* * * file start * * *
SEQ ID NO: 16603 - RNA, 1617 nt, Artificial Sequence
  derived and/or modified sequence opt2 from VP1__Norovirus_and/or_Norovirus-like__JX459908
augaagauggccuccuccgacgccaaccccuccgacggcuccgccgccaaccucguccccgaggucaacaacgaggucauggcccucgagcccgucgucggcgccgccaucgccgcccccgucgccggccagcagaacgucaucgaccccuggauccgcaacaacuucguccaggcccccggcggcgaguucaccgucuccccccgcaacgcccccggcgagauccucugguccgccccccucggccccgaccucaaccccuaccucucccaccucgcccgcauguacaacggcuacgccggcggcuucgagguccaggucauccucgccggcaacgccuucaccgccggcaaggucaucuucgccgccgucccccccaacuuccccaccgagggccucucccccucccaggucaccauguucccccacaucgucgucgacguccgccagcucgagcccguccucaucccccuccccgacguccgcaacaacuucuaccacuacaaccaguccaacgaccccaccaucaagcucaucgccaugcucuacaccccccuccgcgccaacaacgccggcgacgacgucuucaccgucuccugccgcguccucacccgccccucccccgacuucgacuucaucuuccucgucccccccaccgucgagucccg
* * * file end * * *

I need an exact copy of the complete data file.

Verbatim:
SEQ ID NO: 16603 - RNA, 1617 nt, Artificial Sequence
  derived and/or modified sequence opt2 from VP1__Norovirus_and/or_Norovirus-like__JX459908
augaagauggccuccuccgacgccaaccccuccgacggcuccgccgccaaccucguccccgaggucaacaacgaggucauggcccucgagcccgucgucggcgccgccaucgccgcccccgucgccggccagcagaacgucaucgaccccuggauccgcaacaacuucguccaggcccccggcggcgaguucaccgucuccccccgcaacgcccccggcgagauccucugguccgccccccucggccccgaccucaaccccuaccucucccaccucgcccgcauguacaacggcuacgccggcggcuucgagguccaggucauccucgccggcaacgccuucaccgccggcaaggucaucuucgccgccgucccccccaacuuccccaccgagggccucucccccucccaggucaccauguucccccacaucgucgucgacguccgccagcucgagcccguccucaucccccuccccgacguccgcaacaacuucuaccacuacaaccaguccaacgaccccaccaucaagcucaucgccaugcucuacaccccccuccgcgccaacaacgccggcgacgacgucuucaccgucuccugccgcguccucacccgccccucccccgacuucgacuucaucuuccucgucccccccaccgucgagucccg